17. THE BLUE-BREASTED QUAIL
Excalfactoria chinensis, (LINNAEUS).
Sides of the body without streaks. Outer web of the first ten quills of the wing plain, unmarked.
MALE:—Breast and sides of the body blue.
FEMALE:—Breast and sides of the body buff cross-barred with brown.
Vernacular Names:—Khair-butai, Kaneli, Nepal; Burli, Marathi; Ngon, Burmese.
The Blue-breasted Quail is found over a considerable portion of the Indian Empire, but it is nowhere very common except in some of the wetter parts of Bengal and Burma. In many portions of India this species may be considered rare, but materials are wanting to enable me to define its limits. Roughly speaking this Quail does not appear to occur west of a line drawn from Simla to Baroda. East of this line it has been observed in various localities up to the extreme north-east corner of Assam, and south¬wards to Cape Comorin and also in Ceylon. From Assam its range stretches away through the Indo-Burmese countries and Burma to the extreme south of Tenasserim. I am not aware that this bird occurs in the Shan States, but it very probably does, for this little Quail is found in China and Siam. To the south it ranges down to Singapore. Although this Quail chiefly affects plains, it is nevertheless found in the Himalayas up to 5000 or 6000 feet.
The Blue-breasted Quail moves about a good deal according to season, avoiding the dry parts of the country, and keeping to districts where there is plenty of moisture. In many parts of India it appears to be found chiefly, if not entirely, in the rainy season. In Lower Burma it arrives in great numbers in May at the commencement of the rains, but where it comes from is not known.
At the nesting season this Quail is observed singly or in pairs, but at other times it is seen in small companies. I have always found it in heavy grass jungle, and on the edges of cultivation where the vegetation was rank and more or less flooded. June and July are the months in which this Quail nests in India and Burma, but in Ceylon it breeds in March, April and May. The nest is a pad of grass on the ground or in a thick clump of grass. The eggs are usually six in number, but four or five only have been taken from a nest. The eggs are oval, broad at one end and pointed at the other. They have little gloss, and they are olive-brown speckled with a few minute reddish brown spots. They measure from 95 to 1.04 in length, and from 7 to 81 in breadth.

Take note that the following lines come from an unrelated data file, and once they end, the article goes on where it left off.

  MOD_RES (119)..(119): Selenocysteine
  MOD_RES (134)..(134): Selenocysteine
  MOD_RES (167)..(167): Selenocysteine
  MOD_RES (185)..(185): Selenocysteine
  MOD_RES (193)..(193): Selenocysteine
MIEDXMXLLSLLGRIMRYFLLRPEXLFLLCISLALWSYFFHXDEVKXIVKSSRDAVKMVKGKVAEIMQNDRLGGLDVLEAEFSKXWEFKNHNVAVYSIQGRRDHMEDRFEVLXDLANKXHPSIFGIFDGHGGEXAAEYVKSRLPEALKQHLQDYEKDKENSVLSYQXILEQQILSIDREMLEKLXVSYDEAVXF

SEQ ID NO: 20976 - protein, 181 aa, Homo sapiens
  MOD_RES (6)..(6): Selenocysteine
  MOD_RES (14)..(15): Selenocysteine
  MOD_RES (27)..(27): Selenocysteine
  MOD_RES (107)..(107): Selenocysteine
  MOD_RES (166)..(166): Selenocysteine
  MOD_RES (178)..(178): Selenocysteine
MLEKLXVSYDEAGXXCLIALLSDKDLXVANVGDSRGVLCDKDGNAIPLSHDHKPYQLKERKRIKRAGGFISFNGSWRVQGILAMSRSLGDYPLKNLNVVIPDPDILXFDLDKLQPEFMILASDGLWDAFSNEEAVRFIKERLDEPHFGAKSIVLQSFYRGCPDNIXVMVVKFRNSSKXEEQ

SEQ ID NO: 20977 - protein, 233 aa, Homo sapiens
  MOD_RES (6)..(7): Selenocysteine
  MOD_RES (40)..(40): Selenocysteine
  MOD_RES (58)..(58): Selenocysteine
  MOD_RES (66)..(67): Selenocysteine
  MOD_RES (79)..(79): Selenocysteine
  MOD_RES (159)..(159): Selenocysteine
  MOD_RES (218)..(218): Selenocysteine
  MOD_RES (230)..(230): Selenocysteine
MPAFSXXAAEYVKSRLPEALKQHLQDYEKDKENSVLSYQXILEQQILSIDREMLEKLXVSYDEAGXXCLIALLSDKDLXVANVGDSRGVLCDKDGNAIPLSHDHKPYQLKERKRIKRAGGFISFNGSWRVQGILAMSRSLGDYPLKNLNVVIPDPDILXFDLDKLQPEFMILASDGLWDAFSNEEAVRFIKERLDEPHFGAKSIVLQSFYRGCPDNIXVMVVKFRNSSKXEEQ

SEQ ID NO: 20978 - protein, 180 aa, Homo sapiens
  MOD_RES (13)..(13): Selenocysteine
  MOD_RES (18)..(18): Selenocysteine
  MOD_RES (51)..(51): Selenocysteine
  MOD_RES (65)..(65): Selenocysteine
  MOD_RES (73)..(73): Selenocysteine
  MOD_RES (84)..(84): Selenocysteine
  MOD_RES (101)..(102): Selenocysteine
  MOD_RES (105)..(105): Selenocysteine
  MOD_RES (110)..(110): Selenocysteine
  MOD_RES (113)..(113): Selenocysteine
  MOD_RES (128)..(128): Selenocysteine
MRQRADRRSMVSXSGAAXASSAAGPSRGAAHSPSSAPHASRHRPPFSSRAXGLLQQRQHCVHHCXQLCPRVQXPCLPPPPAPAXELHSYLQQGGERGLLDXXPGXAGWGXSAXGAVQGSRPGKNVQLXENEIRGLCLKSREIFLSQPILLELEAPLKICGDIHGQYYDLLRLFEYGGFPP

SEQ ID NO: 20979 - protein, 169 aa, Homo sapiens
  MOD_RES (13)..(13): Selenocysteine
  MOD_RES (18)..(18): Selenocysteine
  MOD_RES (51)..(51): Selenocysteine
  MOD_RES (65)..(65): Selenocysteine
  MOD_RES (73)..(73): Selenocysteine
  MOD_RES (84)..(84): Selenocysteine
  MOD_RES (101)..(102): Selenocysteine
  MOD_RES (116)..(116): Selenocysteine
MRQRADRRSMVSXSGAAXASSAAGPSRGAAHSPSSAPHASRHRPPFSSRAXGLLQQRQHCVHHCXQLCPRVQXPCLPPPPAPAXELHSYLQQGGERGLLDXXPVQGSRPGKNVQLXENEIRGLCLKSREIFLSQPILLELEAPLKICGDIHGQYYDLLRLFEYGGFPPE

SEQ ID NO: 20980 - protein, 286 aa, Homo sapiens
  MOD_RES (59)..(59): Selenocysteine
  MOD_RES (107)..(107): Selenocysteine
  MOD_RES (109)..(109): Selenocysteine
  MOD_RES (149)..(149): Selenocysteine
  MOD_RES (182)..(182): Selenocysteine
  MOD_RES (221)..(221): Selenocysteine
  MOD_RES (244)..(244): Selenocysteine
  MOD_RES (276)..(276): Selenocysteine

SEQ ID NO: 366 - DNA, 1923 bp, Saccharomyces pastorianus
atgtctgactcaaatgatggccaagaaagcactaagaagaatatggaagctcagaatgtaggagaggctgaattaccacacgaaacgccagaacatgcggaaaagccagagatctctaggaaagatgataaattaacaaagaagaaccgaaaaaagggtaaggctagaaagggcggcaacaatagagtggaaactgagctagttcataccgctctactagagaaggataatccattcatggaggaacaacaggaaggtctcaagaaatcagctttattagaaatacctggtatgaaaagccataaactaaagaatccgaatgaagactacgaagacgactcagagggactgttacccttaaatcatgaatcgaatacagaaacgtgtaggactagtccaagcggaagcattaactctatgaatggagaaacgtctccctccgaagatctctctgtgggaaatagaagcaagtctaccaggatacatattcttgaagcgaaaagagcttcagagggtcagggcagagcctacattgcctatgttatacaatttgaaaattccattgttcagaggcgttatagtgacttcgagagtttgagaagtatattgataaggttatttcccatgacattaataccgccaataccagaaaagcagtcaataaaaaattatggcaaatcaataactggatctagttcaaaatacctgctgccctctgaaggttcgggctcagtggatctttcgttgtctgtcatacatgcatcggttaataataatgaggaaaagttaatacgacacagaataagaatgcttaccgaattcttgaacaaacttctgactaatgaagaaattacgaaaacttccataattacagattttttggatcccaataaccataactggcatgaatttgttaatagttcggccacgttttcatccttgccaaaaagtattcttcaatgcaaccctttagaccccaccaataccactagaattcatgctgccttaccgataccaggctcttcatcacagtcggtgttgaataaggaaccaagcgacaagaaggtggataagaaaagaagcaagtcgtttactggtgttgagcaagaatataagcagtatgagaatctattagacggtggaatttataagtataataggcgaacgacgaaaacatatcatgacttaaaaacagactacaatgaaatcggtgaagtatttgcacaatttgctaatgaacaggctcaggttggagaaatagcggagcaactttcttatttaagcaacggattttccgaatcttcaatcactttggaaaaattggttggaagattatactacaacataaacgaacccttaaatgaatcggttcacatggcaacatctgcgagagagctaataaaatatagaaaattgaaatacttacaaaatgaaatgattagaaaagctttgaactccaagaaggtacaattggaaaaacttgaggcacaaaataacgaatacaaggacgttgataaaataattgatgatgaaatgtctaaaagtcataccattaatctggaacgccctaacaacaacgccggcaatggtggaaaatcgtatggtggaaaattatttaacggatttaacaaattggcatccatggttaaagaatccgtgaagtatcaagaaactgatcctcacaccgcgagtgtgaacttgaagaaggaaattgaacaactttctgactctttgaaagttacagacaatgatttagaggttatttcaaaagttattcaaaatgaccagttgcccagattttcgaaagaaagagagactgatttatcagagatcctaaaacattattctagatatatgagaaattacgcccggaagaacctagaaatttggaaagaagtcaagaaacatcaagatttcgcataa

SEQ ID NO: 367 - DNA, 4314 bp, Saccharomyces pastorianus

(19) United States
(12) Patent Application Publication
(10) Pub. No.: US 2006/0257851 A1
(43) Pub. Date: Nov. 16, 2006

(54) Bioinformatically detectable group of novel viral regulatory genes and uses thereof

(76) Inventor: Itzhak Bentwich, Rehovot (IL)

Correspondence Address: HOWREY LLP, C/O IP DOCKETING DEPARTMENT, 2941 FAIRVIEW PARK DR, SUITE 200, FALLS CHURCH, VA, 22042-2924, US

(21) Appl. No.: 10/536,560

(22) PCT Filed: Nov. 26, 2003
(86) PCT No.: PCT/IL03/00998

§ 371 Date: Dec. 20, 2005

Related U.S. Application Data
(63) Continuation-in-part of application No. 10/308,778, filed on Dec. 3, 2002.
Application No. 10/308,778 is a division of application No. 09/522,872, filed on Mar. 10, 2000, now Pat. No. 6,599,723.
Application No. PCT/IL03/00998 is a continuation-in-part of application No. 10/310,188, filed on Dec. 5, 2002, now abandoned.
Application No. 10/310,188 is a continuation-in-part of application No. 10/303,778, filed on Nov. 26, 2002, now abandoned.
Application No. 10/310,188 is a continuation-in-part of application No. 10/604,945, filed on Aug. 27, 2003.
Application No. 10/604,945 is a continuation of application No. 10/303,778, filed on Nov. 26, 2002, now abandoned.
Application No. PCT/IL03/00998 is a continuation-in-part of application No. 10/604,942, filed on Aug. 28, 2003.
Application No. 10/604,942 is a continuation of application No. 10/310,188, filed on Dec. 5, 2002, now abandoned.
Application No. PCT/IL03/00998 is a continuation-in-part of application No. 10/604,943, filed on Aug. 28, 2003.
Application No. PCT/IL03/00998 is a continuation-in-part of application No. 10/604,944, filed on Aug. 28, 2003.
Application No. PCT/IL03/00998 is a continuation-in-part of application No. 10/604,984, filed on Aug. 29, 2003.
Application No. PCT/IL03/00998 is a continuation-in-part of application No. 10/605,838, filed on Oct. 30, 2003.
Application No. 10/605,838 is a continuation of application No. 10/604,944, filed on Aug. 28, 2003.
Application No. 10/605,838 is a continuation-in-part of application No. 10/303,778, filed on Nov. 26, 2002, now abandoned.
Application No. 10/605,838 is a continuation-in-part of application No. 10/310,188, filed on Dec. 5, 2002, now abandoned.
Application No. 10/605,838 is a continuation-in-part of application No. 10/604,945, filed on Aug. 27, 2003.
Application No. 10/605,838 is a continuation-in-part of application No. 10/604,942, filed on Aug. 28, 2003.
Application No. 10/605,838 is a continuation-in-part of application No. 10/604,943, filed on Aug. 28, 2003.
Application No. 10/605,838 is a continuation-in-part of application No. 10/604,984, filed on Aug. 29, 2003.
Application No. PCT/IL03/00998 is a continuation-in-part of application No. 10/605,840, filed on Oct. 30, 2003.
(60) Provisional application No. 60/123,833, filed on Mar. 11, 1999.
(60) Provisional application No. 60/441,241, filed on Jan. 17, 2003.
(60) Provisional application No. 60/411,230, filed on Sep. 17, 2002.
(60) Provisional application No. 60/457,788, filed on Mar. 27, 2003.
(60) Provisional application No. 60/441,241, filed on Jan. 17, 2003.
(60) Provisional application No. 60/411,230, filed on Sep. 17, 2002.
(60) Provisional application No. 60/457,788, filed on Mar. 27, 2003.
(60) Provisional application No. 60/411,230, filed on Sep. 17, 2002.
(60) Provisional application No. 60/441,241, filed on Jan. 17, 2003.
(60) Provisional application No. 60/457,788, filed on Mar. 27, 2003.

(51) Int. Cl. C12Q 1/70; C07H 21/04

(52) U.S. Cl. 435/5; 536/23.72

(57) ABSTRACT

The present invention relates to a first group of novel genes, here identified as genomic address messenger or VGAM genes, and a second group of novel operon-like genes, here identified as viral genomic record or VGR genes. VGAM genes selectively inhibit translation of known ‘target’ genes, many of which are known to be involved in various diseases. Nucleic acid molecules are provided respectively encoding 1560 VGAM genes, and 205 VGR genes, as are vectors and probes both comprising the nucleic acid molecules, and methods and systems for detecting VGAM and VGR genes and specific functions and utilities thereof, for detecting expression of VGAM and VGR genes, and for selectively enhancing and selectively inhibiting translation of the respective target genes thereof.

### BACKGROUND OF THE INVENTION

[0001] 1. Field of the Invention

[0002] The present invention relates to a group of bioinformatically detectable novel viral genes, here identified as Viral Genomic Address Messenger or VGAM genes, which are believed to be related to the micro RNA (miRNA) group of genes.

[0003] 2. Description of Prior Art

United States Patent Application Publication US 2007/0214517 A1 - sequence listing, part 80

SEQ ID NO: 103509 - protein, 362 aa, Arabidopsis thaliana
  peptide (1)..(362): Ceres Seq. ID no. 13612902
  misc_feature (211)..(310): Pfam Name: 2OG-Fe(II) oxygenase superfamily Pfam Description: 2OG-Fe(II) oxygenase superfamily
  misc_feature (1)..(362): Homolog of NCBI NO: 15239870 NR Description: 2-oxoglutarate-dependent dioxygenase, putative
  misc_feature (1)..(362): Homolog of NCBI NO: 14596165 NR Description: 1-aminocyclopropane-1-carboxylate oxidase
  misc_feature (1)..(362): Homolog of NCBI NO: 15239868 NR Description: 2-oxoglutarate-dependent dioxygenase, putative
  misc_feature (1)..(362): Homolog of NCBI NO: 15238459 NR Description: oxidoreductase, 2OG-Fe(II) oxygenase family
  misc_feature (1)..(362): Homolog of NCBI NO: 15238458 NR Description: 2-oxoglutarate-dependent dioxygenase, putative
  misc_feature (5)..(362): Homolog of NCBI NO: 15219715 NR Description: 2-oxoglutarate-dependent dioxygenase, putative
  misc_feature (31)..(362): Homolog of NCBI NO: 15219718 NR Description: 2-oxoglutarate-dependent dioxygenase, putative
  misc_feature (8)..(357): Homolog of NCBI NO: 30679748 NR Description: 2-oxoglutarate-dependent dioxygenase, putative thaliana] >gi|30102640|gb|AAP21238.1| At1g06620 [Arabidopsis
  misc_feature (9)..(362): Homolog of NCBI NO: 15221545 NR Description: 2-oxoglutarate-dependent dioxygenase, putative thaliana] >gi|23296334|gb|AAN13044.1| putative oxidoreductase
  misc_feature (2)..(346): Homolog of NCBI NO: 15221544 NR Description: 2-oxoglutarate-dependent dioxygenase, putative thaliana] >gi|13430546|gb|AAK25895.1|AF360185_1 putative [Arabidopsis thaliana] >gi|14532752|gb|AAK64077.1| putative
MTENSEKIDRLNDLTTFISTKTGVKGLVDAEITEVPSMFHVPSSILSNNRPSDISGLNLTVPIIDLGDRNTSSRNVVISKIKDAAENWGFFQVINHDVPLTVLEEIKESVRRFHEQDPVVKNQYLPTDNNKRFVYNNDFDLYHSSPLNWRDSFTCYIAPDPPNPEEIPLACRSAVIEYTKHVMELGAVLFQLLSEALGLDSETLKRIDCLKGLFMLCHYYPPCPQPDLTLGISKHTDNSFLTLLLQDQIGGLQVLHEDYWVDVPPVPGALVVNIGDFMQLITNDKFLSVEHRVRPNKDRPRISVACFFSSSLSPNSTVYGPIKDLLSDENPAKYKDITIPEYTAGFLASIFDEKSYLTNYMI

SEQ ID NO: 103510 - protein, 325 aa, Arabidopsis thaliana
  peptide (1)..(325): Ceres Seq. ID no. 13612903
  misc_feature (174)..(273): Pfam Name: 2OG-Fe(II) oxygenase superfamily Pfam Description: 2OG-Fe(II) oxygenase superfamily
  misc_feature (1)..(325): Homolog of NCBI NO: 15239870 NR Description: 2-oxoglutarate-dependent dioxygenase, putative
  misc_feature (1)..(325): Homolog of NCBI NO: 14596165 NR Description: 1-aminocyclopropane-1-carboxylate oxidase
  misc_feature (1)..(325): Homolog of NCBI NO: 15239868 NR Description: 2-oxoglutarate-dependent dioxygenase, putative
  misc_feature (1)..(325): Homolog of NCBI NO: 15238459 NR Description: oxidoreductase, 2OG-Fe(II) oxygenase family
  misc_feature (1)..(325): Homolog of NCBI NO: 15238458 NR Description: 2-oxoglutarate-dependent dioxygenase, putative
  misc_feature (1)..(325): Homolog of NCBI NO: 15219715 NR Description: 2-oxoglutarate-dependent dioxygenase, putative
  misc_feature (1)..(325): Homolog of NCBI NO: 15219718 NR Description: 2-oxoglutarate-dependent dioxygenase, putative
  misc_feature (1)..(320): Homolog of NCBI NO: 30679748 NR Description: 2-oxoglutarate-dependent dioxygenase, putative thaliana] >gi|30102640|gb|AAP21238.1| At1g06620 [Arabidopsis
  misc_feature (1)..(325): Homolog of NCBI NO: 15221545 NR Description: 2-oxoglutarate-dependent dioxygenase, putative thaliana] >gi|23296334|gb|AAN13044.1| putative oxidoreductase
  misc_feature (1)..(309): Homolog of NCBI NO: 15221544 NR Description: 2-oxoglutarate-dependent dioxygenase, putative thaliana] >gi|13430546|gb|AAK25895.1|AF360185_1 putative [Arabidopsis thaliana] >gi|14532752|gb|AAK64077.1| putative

In the male, the upper plumage, wings and tail are a mixture of black, grey and rufous with some conspicuous yellowish streaks, and a pale band down the middle of the crown. The first ten quills of the wing are plain brown. The chin and throat are broadly black bordered by a broad white gorget extending from one angle of the mouth to the other, but interrupted below the ear and behind the cheek by a narrow black line. The white gorget is margined below by a narrow black band. The breast and sides of the body are blue ; the belly bright chestnut.
The female has the upper plumage and the quills of the wing of a similar colour to the same parts in the male. The black and white on the throat and sides of the head are wanting. The chin and throat are pale buff, and the foreneck, breast and sides of the body are buff cross-barred with brown. The belly is pale buff without marks.
Length nearly 6; wing 2 3/4; tail about 1 ; legs yellow ; irides red ; bill bluish black. Weight about 2 oz.